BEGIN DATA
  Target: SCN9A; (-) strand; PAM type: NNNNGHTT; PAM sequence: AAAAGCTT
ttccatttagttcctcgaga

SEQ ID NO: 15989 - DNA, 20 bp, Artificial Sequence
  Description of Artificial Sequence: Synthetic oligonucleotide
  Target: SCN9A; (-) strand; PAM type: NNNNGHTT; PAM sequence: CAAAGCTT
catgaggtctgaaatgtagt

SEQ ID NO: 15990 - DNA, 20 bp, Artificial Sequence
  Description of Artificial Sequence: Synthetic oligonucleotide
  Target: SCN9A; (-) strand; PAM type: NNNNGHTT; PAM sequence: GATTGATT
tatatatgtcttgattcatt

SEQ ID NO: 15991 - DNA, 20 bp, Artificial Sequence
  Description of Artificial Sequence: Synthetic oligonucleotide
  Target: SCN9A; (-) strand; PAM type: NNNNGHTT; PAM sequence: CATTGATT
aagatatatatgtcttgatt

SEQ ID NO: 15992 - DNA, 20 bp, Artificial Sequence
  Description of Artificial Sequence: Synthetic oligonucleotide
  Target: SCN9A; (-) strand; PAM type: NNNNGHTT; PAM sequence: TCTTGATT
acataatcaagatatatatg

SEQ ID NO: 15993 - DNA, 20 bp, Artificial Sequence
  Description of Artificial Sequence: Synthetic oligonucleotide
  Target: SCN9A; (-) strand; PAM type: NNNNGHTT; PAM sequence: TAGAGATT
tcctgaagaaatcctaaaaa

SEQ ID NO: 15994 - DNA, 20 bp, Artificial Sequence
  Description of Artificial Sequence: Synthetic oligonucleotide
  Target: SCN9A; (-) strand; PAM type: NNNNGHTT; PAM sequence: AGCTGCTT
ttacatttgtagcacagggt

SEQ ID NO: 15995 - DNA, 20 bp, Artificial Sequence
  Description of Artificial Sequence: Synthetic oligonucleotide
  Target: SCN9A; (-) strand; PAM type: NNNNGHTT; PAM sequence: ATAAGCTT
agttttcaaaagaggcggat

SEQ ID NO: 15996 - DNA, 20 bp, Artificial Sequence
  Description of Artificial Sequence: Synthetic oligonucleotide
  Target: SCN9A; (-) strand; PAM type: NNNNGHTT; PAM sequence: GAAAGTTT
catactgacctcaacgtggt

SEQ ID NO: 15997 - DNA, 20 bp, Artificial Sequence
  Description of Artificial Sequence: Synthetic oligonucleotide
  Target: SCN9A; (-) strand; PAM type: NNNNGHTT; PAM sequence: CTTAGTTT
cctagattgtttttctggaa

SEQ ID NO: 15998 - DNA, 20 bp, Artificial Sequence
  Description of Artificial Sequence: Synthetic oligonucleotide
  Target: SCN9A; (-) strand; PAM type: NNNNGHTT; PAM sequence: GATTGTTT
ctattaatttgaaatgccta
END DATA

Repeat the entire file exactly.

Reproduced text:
  Target: SCN9A; (-) strand; PAM type: NNNNGHTT; PAM sequence: AAAAGCTT
ttccatttagttcctcgaga

SEQ ID NO: 15989 - DNA, 20 bp, Artificial Sequence
  Description of Artificial Sequence: Synthetic oligonucleotide
  Target: SCN9A; (-) strand; PAM type: NNNNGHTT; PAM sequence: CAAAGCTT
catgaggtctgaaatgtagt

SEQ ID NO: 15990 - DNA, 20 bp, Artificial Sequence
  Description of Artificial Sequence: Synthetic oligonucleotide
  Target: SCN9A; (-) strand; PAM type: NNNNGHTT; PAM sequence: GATTGATT
tatatatgtcttgattcatt

SEQ ID NO: 15991 - DNA, 20 bp, Artificial Sequence
  Description of Artificial Sequence: Synthetic oligonucleotide
  Target: SCN9A; (-) strand; PAM type: NNNNGHTT; PAM sequence: CATTGATT
aagatatatatgtcttgatt

SEQ ID NO: 15992 - DNA, 20 bp, Artificial Sequence
  Description of Artificial Sequence: Synthetic oligonucleotide
  Target: SCN9A; (-) strand; PAM type: NNNNGHTT; PAM sequence: TCTTGATT
acataatcaagatatatatg

SEQ ID NO: 15993 - DNA, 20 bp, Artificial Sequence
  Description of Artificial Sequence: Synthetic oligonucleotide
  Target: SCN9A; (-) strand; PAM type: NNNNGHTT; PAM sequence: TAGAGATT
tcctgaagaaatcctaaaaa

SEQ ID NO: 15994 - DNA, 20 bp, Artificial Sequence
  Description of Artificial Sequence: Synthetic oligonucleotide
  Target: SCN9A; (-) strand; PAM type: NNNNGHTT; PAM sequence: AGCTGCTT
ttacatttgtagcacagggt

SEQ ID NO: 15995 - DNA, 20 bp, Artificial Sequence
  Description of Artificial Sequence: Synthetic oligonucleotide
  Target: SCN9A; (-) strand; PAM type: NNNNGHTT; PAM sequence: ATAAGCTT
agttttcaaaagaggcggat

SEQ ID NO: 15996 - DNA, 20 bp, Artificial Sequence
  Description of Artificial Sequence: Synthetic oligonucleotide
  Target: SCN9A; (-) strand; PAM type: NNNNGHTT; PAM sequence: GAAAGTTT
catactgacctcaacgtggt

SEQ ID NO: 15997 - DNA, 20 bp, Artificial Sequence
  Description of Artificial Sequence: Synthetic oligonucleotide
  Target: SCN9A; (-) strand; PAM type: NNNNGHTT; PAM sequence: CTTAGTTT
cctagattgtttttctggaa

SEQ ID NO: 15998 - DNA, 20 bp, Artificial Sequence
  Description of Artificial Sequence: Synthetic oligonucleotide
  Target: SCN9A; (-) strand; PAM type: NNNNGHTT; PAM sequence: GATTGTTT
ctattaatttgaaatgccta